The Old Testament, the «Epic of Gilgamesh», the «Iliad», and «The Lord of the Rings» — thousands of texts convey messages about the importance of fighters, battles, and victories.

War as a phenomenon can inspire awe, reverence, and admiration if a person is in the appropriate cultural context.

The situation is exacerbated when society cultivates collectivism — for example, in China or the Philippines. In such cases, people may view war as a sacred duty or a common tool for protecting their interests. Consequently, the specifics of the political system also shape each person's attitude toward wars.

In this case, there may be no awe. But there may also be no other «collective emotions» — for example, compassion for the enemy. The main thing is to achieve the common goal.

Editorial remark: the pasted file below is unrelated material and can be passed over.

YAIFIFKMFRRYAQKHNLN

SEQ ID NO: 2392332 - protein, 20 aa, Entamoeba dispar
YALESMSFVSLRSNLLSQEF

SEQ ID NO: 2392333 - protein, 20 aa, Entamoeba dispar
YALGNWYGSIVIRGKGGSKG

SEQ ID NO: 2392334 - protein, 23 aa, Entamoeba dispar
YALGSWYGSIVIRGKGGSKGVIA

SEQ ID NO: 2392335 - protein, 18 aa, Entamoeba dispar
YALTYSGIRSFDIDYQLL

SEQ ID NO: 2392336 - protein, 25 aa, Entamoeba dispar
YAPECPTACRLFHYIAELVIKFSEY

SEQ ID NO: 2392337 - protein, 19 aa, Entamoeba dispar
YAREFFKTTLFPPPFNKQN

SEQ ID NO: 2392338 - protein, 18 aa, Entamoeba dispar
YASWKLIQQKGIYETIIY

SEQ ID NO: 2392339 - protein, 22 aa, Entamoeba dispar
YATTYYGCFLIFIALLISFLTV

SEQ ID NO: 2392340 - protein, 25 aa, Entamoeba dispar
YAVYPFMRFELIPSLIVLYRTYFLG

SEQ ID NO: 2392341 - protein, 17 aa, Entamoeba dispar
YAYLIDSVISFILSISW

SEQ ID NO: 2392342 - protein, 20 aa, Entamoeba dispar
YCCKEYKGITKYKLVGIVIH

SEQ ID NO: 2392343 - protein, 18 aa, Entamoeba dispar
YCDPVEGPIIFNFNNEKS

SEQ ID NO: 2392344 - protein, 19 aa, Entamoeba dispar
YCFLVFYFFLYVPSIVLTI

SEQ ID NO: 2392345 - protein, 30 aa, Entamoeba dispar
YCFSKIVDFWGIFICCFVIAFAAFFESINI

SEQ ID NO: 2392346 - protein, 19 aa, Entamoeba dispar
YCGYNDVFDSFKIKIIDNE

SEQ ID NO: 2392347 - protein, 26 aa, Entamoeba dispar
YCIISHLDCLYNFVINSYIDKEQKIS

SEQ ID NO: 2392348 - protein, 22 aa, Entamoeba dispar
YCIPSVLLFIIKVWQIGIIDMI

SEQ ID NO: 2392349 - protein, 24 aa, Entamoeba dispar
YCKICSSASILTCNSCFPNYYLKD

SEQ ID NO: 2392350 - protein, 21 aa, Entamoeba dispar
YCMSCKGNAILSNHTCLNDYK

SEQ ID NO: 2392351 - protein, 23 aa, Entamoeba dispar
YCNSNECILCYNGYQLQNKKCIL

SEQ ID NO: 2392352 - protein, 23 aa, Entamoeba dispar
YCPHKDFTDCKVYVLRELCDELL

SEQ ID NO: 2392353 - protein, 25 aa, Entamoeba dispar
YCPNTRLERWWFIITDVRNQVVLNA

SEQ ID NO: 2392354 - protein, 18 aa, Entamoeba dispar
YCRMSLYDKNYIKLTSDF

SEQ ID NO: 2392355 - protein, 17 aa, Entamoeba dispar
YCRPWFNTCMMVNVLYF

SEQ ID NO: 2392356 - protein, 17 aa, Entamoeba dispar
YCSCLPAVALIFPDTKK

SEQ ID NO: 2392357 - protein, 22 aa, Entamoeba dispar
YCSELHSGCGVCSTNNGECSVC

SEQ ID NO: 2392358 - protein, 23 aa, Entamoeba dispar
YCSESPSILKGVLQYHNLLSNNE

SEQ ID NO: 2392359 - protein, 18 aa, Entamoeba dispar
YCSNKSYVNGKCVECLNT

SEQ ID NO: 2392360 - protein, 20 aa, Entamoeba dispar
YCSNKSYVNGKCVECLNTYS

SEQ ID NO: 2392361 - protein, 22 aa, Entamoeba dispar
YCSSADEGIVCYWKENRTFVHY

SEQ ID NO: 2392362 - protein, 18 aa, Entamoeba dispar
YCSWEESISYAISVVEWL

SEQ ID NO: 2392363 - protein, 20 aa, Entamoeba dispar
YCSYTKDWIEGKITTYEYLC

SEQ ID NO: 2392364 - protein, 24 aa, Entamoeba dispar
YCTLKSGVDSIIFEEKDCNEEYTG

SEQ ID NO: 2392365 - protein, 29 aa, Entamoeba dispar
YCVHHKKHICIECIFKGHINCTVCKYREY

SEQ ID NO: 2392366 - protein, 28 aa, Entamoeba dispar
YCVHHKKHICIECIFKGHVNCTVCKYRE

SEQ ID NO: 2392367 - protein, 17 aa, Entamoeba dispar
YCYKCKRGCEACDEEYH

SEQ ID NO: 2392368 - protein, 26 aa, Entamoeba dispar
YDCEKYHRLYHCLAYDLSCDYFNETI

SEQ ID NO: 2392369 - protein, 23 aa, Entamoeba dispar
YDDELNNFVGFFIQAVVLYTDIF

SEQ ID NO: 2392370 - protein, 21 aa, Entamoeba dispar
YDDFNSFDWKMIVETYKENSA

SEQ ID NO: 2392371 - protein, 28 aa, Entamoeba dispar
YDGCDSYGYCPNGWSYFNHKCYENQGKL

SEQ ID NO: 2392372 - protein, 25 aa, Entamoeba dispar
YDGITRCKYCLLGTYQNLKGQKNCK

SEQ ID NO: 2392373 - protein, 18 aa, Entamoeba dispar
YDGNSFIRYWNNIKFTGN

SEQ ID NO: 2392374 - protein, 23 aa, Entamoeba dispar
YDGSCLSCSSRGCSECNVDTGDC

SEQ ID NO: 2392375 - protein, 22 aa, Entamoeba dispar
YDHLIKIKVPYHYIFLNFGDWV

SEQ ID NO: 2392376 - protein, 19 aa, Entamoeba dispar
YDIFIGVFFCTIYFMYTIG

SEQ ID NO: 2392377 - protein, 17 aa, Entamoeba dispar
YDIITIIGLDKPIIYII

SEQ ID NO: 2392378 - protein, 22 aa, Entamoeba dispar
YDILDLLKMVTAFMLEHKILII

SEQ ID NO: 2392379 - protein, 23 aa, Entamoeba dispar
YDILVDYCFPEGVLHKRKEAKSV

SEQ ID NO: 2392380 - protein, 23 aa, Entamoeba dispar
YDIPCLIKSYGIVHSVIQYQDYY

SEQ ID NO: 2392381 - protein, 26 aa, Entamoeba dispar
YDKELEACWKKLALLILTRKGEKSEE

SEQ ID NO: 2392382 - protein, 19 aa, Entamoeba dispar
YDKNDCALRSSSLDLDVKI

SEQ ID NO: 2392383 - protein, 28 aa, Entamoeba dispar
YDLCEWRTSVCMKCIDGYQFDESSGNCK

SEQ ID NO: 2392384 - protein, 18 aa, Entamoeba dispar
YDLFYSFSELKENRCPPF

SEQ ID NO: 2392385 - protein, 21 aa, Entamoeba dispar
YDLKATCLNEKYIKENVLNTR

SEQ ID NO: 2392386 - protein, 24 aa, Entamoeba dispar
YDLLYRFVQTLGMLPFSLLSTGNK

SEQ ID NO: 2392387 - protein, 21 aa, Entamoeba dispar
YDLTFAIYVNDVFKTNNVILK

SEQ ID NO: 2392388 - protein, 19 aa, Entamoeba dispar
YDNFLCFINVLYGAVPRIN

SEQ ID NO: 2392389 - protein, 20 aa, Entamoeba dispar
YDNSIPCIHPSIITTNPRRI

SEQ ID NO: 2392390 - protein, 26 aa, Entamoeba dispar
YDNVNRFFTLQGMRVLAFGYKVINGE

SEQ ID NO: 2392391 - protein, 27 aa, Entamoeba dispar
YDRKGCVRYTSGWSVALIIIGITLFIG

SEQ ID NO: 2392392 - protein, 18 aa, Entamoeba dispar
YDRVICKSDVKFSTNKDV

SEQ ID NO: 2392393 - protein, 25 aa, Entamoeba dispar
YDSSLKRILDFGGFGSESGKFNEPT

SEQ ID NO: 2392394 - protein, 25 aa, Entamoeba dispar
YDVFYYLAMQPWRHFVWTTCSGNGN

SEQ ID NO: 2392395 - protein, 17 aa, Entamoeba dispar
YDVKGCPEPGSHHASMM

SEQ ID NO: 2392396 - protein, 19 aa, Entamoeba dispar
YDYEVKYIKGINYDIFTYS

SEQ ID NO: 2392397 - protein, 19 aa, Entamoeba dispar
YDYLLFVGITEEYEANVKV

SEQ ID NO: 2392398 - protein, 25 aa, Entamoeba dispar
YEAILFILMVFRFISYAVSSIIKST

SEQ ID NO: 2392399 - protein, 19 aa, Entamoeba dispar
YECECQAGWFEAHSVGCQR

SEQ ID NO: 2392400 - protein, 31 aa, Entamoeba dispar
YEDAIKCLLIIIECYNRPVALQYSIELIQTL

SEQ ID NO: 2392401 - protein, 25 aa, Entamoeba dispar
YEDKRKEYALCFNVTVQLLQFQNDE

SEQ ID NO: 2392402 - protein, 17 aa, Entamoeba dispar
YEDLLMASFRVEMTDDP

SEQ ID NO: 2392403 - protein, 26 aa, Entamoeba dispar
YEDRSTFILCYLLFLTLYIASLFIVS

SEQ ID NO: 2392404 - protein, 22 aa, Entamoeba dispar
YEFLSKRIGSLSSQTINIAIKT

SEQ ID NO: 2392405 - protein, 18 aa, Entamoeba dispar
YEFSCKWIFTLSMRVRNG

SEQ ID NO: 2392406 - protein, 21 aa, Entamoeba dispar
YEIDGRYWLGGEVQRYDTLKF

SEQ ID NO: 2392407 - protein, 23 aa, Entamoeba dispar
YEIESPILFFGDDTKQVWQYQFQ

However, it's not just about collectivism. In countries with a high degree of trust in authority, the reaction to war can be supportive simply because the government presents the conflict as necessary and just.

Religious beliefs are also very important. For instance, according to a Pew Research Center study, about 83% of Americans consider themselves «absolutely» or «fairly» religious.

A striking example is Buddhism, which actively promotes nonviolence. Of course, this has not protected Buddha's followers from various conflicts. However, the perception of war among adherents of this peaceful religion changes. People do not want to harm living beings and avoid doing so.